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I’m watching my younger brothers go to homecoming with their dates right now. They seem to be having a great time and I’m really happy for them! I still view them as babies though so it does feel a bit weird. I also can’t help but feel a sliver of jealousy that they are able to do this.

I couldn’t even accept that I liked girls until graduating high school, and even then I waited another couple years to come out to my conservative family. They had some trouble accepting it. Just being able to date so young without any obstacles or consequences must be nice… I did go to homecoming and prom with my group of friends, but I still feel like it’s different.

Maybe I’m making hs dating out to be a bigger deal than it is, I always tend to romanticize things. It just feels like I’m missing an important experience that normal people had as teenagers.

I’m watching my younger brothers go to homecoming with their dates right now. They seem to be having a great time and I’m really happy for them! I still view them as babies though so it does feel a bit weird. I also can’t help but feel a sliver of jealousy that they are able to do this. I couldn’t even accept that I liked girls until graduating high school, and even then I waited another couple years to come out to my conservative family. They had some trouble accepting it. Just being able to date so young without any obstacles or consequences must be nice… I did go to homecoming and prom with my group of friends, but I still feel like it’s different. Maybe I’m making hs dating out to be a bigger deal than it is, I always tend to romanticize things. It just feels like I’m missing an important experience that normal people had as teenagers.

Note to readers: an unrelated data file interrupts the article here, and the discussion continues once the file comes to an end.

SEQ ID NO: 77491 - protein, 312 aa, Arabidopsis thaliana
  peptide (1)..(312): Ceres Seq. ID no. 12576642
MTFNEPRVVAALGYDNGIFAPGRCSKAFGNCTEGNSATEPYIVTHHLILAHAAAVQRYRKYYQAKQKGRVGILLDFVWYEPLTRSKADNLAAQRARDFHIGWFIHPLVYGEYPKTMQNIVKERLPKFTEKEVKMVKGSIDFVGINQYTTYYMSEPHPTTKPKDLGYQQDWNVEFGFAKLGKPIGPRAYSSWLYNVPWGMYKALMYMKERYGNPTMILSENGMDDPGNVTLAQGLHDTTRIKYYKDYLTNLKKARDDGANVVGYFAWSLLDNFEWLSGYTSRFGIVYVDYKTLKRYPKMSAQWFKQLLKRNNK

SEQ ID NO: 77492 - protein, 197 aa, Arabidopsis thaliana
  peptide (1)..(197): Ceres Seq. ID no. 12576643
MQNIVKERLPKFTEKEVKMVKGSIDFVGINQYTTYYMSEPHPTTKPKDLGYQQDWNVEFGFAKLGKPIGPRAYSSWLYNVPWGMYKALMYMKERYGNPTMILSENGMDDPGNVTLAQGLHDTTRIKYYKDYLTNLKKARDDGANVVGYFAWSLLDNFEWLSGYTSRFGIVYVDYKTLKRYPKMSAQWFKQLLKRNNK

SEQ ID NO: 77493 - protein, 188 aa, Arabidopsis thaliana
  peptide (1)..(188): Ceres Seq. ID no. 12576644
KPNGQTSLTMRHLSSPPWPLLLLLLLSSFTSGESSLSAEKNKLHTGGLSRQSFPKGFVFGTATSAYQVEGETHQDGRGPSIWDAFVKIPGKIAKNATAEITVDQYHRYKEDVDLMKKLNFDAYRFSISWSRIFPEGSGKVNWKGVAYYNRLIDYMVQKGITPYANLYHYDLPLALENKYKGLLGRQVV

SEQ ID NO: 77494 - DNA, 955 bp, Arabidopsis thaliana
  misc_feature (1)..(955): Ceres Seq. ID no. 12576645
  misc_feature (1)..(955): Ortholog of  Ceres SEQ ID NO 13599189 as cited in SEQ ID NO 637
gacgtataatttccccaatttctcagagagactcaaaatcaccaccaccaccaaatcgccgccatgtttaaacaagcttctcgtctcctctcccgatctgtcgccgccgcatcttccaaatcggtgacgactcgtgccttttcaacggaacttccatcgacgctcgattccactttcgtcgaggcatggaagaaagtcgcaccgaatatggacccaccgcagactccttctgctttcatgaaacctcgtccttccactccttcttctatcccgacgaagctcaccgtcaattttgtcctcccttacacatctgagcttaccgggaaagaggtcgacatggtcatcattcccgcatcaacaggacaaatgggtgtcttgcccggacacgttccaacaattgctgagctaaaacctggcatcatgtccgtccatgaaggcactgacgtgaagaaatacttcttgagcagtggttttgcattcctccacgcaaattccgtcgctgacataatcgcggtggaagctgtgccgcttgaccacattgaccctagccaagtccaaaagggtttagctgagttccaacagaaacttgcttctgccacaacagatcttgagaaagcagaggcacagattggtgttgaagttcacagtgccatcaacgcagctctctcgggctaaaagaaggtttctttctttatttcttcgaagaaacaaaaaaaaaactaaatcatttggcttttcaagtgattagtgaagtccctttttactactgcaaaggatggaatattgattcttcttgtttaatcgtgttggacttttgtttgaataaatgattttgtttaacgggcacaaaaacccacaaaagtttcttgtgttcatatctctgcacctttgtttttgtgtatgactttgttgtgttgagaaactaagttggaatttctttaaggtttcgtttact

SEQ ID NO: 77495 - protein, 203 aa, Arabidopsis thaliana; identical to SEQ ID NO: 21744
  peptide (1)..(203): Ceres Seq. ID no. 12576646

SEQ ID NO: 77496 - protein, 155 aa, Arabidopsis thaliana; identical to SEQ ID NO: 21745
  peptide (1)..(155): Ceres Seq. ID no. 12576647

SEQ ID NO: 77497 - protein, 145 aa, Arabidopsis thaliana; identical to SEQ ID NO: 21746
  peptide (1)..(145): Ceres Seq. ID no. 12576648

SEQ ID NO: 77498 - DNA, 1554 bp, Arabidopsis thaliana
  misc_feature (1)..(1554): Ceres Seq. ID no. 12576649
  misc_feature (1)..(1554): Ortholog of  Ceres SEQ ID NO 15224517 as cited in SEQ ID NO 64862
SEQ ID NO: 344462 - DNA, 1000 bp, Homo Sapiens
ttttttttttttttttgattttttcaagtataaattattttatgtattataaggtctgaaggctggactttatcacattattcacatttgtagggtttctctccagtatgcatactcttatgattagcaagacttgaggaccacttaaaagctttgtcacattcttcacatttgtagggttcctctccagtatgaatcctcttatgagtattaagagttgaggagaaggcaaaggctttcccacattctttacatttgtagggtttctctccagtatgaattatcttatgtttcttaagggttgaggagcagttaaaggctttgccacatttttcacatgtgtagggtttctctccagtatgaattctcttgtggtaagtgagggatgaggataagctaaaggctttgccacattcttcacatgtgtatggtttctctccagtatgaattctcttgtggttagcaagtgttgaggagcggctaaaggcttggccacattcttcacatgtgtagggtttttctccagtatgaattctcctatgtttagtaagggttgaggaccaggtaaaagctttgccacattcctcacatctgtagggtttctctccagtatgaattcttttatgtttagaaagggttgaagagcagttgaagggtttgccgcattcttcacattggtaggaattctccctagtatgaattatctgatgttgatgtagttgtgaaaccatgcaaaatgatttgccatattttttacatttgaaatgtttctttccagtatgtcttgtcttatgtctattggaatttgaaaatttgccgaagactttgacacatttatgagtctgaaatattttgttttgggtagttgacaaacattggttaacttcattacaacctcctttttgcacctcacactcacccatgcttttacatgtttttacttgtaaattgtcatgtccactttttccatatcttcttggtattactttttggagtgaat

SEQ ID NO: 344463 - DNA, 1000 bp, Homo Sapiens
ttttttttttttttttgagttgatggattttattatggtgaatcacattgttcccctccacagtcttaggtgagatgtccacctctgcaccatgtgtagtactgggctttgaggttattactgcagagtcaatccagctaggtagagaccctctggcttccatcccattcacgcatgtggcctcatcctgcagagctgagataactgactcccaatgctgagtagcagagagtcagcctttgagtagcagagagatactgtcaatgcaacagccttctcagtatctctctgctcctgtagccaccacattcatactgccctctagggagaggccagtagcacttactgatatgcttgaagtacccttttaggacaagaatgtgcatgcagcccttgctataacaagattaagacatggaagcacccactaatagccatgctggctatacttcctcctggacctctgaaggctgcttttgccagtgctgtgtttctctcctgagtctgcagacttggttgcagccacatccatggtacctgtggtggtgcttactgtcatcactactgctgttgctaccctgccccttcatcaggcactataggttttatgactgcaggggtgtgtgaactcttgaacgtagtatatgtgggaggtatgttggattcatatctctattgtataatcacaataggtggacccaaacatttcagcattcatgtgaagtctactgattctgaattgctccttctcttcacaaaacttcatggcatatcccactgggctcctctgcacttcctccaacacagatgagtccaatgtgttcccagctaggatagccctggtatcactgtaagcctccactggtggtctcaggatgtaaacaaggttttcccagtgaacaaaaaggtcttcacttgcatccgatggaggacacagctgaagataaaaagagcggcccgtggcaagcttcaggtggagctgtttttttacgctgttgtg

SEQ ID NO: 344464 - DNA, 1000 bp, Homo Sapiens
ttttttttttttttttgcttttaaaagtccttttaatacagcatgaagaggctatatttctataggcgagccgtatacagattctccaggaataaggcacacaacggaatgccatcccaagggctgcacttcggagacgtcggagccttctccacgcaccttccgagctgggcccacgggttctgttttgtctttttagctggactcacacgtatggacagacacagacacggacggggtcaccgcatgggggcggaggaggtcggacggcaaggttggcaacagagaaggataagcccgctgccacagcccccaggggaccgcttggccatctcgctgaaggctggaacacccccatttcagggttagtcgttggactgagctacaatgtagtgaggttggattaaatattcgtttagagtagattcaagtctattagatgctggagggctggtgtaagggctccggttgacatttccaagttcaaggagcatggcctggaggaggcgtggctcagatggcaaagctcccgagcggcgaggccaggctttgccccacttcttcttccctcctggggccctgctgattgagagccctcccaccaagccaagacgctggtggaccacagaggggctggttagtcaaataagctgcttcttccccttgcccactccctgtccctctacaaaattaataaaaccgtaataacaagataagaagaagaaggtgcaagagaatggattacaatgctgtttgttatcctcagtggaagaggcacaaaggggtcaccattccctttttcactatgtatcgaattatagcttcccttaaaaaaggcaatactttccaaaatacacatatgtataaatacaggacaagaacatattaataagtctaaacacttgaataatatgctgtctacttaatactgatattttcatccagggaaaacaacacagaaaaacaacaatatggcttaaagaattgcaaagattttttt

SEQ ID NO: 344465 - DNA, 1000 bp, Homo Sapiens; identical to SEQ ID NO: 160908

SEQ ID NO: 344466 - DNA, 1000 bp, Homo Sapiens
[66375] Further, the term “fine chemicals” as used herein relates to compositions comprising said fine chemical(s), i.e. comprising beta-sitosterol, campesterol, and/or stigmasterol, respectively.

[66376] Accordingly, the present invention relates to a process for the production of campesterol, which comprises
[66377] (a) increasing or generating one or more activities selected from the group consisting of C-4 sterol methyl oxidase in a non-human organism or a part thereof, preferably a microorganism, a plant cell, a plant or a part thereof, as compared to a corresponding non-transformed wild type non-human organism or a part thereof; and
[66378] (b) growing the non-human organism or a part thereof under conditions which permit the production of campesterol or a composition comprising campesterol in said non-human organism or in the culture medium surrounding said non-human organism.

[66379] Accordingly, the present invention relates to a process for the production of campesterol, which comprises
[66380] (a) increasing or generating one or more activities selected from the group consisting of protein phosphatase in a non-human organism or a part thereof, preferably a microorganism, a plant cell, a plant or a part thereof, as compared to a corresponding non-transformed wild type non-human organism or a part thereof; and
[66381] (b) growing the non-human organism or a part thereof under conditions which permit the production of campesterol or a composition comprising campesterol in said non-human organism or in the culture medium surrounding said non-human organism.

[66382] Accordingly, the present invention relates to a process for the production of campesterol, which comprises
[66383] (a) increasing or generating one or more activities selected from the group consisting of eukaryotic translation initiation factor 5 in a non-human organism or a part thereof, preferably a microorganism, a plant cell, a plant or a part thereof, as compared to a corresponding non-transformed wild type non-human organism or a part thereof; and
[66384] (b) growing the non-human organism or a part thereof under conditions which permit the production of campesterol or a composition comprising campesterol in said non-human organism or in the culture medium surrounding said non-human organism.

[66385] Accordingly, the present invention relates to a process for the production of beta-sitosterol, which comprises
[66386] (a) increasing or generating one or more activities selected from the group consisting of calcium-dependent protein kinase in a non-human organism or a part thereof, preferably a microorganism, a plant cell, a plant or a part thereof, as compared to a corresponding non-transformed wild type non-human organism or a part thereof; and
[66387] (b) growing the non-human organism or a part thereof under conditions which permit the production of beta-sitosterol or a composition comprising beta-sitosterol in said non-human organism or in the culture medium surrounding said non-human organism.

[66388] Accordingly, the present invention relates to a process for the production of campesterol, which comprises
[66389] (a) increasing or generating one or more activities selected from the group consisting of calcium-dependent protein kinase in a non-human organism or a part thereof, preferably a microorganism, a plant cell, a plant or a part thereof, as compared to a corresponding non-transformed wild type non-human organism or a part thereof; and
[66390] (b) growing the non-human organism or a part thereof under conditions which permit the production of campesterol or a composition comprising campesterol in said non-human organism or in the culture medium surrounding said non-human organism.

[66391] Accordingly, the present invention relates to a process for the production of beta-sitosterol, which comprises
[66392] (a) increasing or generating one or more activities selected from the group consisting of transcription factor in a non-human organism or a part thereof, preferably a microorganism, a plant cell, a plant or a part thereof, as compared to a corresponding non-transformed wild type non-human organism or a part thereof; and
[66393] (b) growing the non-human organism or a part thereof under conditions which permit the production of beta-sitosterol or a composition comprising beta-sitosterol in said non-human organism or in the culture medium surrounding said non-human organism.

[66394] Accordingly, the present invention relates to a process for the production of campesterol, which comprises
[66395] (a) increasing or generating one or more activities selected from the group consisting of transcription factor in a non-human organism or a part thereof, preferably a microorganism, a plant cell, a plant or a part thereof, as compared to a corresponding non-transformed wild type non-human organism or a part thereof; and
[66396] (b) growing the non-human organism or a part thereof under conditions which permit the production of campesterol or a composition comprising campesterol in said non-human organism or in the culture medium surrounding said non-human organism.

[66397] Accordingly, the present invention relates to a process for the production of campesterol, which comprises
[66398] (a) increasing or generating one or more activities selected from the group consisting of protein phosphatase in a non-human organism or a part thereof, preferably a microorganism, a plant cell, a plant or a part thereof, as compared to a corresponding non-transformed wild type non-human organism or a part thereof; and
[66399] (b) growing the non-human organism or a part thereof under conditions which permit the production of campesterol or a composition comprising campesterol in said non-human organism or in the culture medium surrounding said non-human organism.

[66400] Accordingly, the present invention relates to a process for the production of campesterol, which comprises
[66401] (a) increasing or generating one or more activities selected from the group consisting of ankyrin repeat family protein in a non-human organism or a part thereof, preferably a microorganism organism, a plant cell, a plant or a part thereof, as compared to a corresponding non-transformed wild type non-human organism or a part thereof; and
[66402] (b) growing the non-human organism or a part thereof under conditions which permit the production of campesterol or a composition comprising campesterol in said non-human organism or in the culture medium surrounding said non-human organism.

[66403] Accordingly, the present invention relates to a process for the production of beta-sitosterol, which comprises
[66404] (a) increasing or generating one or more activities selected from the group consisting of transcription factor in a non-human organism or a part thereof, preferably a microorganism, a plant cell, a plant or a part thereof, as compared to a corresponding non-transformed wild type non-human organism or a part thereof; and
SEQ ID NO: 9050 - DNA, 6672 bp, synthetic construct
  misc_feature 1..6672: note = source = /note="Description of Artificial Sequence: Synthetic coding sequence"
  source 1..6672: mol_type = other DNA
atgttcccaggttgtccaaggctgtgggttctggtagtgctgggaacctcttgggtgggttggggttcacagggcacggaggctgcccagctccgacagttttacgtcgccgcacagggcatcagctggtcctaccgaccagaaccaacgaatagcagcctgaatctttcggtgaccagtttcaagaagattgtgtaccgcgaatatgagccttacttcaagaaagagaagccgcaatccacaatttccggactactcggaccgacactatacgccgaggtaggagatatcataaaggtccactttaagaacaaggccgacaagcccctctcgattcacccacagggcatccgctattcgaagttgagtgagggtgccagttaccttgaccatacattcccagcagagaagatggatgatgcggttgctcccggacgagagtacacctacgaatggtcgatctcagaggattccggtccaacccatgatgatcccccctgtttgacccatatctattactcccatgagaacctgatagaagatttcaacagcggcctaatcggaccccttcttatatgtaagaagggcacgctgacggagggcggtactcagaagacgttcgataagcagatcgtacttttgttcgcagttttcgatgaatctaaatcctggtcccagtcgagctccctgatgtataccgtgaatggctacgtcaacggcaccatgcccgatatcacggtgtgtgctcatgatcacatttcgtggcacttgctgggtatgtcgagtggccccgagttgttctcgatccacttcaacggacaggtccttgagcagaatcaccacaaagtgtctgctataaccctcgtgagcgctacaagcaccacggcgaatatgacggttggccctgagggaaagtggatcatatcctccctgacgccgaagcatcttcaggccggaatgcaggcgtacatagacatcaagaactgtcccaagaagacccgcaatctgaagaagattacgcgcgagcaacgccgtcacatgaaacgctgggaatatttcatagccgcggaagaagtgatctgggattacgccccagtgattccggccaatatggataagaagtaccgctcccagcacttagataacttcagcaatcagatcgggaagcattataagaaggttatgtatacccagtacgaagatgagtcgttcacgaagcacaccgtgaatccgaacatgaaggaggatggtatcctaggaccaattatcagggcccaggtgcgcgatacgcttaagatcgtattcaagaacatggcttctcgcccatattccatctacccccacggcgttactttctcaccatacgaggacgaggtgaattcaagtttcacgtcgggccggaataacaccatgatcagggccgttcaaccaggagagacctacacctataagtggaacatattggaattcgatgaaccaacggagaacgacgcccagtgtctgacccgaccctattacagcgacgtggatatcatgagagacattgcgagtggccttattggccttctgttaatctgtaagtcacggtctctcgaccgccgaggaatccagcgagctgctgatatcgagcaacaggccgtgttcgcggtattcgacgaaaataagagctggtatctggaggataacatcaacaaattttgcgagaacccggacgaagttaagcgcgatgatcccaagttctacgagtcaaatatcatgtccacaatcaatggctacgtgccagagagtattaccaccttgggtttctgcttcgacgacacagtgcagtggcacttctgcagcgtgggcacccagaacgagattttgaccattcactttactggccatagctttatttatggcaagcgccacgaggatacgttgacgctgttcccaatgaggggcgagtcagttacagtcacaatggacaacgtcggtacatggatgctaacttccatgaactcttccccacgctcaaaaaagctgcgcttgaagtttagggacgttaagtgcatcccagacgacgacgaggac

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As someone who is 25 and still hasn't gone on a single date with another woman, it's honestly such breeding grounds for resentment - against parents, the world, you name it. Even if teenage romance is often a hot mess, it's something that all people deserve to experience if they so wish, and I have a feeling most lesbians who missed out would have dated in high school if it had been possible for them.

So yeah, you're definitely not alone in feeling like you missed out on something important. Because let's be honest, it is important to teenagers - if we told any straight teenager they simply weren't allowed to date at all for no good reason they'd throw a hissy fit.

In the end it's okay to feel bad about it but lingering in regrets can be dangerous ,so I figure it's best to cope with missing out of past experiences by actively "making up" for lost time by putting yourself out there.